Caroline Wozniacki to make tennis comeback after two childbirths and rheumatoid arthritis diagnosis

Denmark's Caroline Wozniacki attends a news conference

Wozniacki spent 71 weeks atop the world rankings during her career – Reuters/Asanka Brendon Ratnayake

Former world No 1 Caroline Wozniacki has announced her tennis comeback, after giving birth to two children and being diagnosed with rheumatoid arthritis.

During her career, Wozniacki held the top ranking for 71 weeks and won one major title at the 2018 Australian Open.

The Dane retired in 2020 aged just 29 after the effects of her RA – an autoimmune disease which causes pain, swelling and stiffness in the joints – became too painful to manage alongside her tennis.

In the three years since her retirement, Wozniacki pursued punditry work and had two children with her husband, former basketball player David Lee.

It was not until after her second child James was born last October that she picked up her racket again, and in the months since she decided that her career remains unfinished, thanks to the advice of her father and former coach Piotr.

Now 32, on Thursday Wozniacki formally announced that she plans to return to the court in August, with her eye on “the US Open, Australian Open and Paris Olympics”.

The US Open will be her first major back on court, and on Thursday the USTA announced she had been awarded a wildcard to the main draw. She was twice a finalist in New York – in 2009 and 2014 – and she believes she has a chance of finally winning the title.

“Three years ago, having achieved almost everything I’d ever set out to do, I walked away from the professional tour,” Wozniacki wrote in a first-person piece for US Vogue.

“I wanted to start a family, and I needed a break. I had no idea how long that break would last. But then, one day late last year, I found myself setting up a couple of sessions on the court. And when my dad visited me in Florida, I realized I needed advice. I hit for 20, 30 minutes – I’m not sure how long, but at one point I looked at him and said, ‘I feel like I’m hitting it better than I ever have. Am I making that up?’ He said I wasn’t making that up. And that’s when I knew I had to get back out there.

“I’m going to play the US Open… I’ll start out playing in Montreal just to get back into the groove, and then we’ll all head to New York. After that, I’ll have a couple of months to prepare for Australia, and we’ll take it from there. The Paris Olympics are definitely a goal too.

Winner Caroline Wozniacki of Denmark kisses the trophy

Wozniacki won her only major in Australia in 2018 – Reuters/Issei Kato

“Can I win the US Open? I think so. Can I win the Australian Open? I think so. That’s why I’m doing this. And I guess we’ll see what happens. I think it’s a great story. I think it’s awesome.”

During her career, Wozniacki was known for her defensive baseline game as well as her friendly temperament which endeared her to fans. At her last retirement match at the Australian Open, a third-round loss to Ons Jabeur, the crowd sang “Sweet Caroline” to her as she walked off for what they thought was the final time.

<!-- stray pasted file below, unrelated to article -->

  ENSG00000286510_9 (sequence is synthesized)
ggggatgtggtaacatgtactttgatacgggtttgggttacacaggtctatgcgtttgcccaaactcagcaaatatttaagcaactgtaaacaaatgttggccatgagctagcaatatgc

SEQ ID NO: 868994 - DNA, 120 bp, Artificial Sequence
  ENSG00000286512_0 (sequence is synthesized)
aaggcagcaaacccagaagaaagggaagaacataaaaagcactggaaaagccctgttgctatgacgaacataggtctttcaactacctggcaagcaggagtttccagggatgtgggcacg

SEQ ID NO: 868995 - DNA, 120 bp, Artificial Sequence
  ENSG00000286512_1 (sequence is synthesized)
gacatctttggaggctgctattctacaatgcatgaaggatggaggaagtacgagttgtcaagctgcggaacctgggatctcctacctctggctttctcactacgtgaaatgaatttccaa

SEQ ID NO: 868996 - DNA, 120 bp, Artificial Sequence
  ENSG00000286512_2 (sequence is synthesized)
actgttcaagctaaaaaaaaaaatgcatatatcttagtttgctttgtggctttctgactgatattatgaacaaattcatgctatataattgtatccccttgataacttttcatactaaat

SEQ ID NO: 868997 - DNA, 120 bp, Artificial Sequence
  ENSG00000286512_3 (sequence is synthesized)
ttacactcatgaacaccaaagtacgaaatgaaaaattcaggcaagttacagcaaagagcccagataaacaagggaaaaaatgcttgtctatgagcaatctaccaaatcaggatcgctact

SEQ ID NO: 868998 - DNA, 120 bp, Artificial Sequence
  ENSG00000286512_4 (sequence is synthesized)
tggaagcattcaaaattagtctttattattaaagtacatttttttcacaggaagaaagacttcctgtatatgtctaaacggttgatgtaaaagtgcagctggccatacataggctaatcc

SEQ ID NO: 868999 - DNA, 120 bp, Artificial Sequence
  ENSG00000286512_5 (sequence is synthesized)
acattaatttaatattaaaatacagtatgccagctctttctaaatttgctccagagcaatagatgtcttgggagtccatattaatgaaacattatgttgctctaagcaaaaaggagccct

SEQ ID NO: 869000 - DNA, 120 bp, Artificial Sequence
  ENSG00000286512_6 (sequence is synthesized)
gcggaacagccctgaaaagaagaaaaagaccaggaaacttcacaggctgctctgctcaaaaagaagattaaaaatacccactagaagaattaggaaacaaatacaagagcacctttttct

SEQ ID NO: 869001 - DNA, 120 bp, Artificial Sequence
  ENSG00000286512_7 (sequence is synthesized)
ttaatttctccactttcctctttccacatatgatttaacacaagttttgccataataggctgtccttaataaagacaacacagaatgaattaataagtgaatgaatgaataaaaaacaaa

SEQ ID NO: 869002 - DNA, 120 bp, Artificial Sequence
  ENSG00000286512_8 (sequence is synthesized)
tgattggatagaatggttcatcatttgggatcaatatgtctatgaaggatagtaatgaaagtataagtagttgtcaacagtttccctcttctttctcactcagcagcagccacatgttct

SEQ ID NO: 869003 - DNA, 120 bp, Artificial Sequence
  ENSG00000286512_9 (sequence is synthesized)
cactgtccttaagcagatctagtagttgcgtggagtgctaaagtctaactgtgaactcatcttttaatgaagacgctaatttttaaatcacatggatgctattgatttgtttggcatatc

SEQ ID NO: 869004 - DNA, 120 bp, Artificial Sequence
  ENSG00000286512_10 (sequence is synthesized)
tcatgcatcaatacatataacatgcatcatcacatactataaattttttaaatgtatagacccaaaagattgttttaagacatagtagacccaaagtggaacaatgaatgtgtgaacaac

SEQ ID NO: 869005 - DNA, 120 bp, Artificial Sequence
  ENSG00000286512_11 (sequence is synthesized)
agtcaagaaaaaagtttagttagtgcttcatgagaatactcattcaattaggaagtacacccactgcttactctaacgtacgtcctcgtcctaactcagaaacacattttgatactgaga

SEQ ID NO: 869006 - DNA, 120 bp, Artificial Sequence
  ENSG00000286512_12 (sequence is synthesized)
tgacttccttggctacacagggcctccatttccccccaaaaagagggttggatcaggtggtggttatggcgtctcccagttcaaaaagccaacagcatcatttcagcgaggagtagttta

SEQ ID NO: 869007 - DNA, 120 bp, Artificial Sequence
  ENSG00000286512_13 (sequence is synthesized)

What they did not know was the extent of pain she was in, two years on from her announcing the RA diagnosis at the peak of her powers.

Writing in Vogue, alongside a stylish photoshoot of her on court with her children, Wozniacki said that there were points in 2018 when she “couldn’t get out of bed.. brush my hair or brush my teeth” due to the pain she was in.

She managed the condition on tour for two years, thanks to a strictly followed diet, sleep and training schedule which alleviated the inflammation, but eventually got burnt out by the process.

Now plotting her comeback, she said: “With my RA, I’ve been paying careful attention to how my body is reacting. And, honestly? So far, so good,” she said. “The long break seems to have done wonders in terms of recovery, and mentally, I’m fresh. I’m not putting as much pressure on myself, but at the same time I know when I’m out there, I’m going to be fighting.”

During her career she forged a close relationship with fellow champion Serena Williams, who beat her in the 2014 final in New York. In her Vogue op-ed she credited Williams for her “support” in this comeback and with helping inspire her to return to the circuit as a mother. She also credited Kim Clijsters, who remains the only woman since 1980 to win a major title after giving birth, beating Wozniacki in the 2009 US Open final.

“I want to prove that to myself and to those women. You can have both: You can be thrilled with your family and with everything at home and still have a career – and be great at it.

“Let’s also understand: Most of the men on tour don’t have to retire to have a family – they can play through. You had Roger [Federer], who had four children while playing. Novak [Djokovic] has two, and Rafa [Nadal] has a child; [Andy] Murray has four.

“For the women, though, it’s mostly been either/or, and I’d like to be part of changing this. Victoria Azarenka, Kim Clijsters, and Serena have already shown what it takes to have a child and return to the tour. It’s not easy by any means, but it is possible.”

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